US Senate Passes Resolution Discouraging Motorcycle Profiling by Police

The notion passed with bipartisan support, promoting the awareness of motorcycle profiling in law enforcement and urging against it.

byEric Brandt|
Motorcycles photo

We may earn revenue from the products available on this page and participate in affiliate programs. Learn more ›

A new resolution sponsored by Senator Ron Johnson (R-WI) passed in the United States Senate with bipartisan support promoting awareness of motorcycle profiling in law enforcement. Outdated stereotypes about motorcyclists continue to persist in some corners of the law enforcement community and this new resolution is a move to put a stop to it.

Since this is just a resolution, it doesn’t really create any hard and fast laws about motorcycle profiling. Rather, it urges the top levels of law enforcement in the states to condemn the profiling of motorcyclists in any training materials or policies. To put it simply; it says that motorcycle traffic should be treated like all other traffic.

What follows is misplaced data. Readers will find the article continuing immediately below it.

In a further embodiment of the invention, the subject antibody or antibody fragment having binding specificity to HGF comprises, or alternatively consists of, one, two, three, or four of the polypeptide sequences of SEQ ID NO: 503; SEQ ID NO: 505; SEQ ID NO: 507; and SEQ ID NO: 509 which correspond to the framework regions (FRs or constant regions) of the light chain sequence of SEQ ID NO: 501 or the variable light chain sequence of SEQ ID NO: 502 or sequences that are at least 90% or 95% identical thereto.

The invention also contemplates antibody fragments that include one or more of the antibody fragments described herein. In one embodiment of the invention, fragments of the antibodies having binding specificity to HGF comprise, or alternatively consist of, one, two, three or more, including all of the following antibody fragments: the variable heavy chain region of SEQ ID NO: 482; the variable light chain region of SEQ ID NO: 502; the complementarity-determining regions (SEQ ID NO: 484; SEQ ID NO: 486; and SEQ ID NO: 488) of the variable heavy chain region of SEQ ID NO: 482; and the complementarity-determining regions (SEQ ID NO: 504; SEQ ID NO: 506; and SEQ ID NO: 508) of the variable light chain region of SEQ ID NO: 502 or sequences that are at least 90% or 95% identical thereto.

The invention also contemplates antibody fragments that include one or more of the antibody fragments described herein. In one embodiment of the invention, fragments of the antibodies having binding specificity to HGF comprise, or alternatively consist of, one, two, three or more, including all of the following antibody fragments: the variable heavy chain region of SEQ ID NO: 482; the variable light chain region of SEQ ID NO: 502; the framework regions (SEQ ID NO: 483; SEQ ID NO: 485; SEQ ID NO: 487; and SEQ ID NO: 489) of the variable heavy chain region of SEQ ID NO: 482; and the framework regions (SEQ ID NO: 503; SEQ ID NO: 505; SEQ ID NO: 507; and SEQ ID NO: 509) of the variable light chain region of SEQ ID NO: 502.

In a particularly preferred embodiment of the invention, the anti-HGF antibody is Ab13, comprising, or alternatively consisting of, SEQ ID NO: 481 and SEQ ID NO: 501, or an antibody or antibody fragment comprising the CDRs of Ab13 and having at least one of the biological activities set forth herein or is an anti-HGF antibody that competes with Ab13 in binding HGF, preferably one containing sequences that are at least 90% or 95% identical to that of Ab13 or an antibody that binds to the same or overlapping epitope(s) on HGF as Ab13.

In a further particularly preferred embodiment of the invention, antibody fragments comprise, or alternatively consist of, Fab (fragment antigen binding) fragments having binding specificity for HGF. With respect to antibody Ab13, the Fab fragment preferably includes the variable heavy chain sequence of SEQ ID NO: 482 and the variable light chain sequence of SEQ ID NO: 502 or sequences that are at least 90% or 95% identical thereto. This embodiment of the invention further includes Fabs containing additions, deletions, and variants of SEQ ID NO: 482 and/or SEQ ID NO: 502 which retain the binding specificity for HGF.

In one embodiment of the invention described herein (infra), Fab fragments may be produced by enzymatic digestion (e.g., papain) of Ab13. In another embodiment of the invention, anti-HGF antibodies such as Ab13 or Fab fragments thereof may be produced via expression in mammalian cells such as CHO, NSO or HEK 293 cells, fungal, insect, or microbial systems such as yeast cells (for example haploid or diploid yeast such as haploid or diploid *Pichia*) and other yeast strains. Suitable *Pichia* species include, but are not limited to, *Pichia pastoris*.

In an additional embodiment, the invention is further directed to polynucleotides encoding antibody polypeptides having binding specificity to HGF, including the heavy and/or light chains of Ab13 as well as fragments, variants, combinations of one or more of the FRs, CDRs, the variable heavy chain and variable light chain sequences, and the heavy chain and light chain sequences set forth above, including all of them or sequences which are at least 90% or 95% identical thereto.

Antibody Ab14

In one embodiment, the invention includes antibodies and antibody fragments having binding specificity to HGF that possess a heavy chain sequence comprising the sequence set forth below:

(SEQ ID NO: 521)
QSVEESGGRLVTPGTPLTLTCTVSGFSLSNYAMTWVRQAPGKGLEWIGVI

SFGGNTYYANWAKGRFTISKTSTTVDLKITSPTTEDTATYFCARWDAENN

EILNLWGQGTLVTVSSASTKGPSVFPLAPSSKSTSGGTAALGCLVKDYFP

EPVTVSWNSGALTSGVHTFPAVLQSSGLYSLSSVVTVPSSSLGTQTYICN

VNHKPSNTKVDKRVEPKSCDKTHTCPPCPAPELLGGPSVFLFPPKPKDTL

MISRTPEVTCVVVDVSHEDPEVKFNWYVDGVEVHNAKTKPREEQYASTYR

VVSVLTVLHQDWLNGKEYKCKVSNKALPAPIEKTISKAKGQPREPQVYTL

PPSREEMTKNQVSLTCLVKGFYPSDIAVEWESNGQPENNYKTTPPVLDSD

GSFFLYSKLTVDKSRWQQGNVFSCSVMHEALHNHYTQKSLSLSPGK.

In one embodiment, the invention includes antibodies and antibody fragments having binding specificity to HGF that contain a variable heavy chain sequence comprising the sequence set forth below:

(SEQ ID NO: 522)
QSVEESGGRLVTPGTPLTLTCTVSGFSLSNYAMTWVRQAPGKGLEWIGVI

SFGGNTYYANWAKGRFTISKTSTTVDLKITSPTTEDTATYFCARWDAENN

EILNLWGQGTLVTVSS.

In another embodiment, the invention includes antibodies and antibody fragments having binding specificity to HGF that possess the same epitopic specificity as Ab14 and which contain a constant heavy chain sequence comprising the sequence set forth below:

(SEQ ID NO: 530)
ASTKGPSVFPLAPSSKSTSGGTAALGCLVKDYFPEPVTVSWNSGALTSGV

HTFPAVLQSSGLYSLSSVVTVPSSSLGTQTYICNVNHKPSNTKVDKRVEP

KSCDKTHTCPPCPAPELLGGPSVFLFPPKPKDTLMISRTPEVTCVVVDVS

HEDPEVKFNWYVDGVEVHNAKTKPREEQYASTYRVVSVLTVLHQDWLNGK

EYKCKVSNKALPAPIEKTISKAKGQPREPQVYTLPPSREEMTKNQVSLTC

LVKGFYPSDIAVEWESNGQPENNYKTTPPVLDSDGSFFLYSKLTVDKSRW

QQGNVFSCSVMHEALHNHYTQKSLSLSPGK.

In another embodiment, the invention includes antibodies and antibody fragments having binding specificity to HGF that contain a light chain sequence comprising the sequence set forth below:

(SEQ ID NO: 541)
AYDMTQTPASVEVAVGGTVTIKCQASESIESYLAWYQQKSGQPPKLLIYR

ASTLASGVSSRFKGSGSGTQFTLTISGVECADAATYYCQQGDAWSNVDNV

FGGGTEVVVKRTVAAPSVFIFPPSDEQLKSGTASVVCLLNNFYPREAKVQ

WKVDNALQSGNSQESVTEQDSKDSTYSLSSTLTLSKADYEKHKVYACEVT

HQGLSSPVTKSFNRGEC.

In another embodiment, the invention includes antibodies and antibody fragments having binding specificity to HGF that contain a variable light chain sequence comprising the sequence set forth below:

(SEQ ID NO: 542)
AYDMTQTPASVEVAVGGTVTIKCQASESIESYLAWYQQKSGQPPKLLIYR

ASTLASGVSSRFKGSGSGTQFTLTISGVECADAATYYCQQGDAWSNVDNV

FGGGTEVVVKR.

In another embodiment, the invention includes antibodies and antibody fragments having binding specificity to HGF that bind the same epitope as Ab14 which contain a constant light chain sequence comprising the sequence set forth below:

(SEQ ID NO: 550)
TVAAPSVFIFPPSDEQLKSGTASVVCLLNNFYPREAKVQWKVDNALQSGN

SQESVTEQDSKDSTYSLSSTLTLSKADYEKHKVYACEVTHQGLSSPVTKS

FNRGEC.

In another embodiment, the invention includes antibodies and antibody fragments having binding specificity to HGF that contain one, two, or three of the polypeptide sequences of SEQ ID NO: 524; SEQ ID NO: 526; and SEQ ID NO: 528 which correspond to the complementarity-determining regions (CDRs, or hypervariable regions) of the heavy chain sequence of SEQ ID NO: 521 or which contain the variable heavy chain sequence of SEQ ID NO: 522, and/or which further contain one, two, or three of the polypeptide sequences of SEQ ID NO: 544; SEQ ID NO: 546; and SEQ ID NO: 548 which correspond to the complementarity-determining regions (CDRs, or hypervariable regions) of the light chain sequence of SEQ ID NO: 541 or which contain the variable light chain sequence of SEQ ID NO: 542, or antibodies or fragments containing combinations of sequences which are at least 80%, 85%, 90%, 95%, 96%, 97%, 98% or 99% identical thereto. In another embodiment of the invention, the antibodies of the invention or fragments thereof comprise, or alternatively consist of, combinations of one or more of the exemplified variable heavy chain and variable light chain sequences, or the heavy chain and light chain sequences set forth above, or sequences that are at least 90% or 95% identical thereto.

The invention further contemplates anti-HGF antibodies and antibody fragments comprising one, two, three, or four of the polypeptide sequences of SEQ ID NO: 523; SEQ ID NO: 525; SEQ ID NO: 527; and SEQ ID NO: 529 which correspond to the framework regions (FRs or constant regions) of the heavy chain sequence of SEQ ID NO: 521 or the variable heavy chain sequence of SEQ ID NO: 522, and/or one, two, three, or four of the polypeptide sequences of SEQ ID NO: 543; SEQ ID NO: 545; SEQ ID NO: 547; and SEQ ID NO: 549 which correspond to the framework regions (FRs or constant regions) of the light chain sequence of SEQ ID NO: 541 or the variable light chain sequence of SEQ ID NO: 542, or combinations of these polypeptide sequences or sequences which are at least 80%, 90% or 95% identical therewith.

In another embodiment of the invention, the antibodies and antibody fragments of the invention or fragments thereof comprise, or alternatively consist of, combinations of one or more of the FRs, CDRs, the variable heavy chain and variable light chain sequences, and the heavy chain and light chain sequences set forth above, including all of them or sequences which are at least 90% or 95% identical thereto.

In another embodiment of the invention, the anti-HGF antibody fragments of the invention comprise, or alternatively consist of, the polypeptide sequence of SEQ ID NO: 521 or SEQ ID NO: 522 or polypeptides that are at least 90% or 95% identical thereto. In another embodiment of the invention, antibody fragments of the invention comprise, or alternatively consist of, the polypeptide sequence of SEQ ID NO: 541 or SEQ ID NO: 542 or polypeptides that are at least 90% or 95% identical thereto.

The new resolution (Senate Res. 154) points out there has been a big increase in motorcycle registrations in the past two decades and half of the motorcyclists who responded to a survey have said they’ve felt profiled by law enforcement at least once in the time they’ve been riding.

Vice President of Government Relations for the American Motorcyclist Association Wayne Allard has applauded this new resolution calling it “a big step further to help end the discriminatory and ineffective practice of profiling motorcyclists.”

It’s tough to make laws that outright ban motorcycle profiling and guarantee that it won’t happen, but this resolution is a positive step. Back in 2015, Congress banned federal highway funding for motorcycle-only checkpoints. With Res. 154 coming three years later, there’s some nice pro-motorcycle momentum going in Washington. It will be interesting to see how law enforcement at the state levels approach the resolution and whether it will make a noticeable change.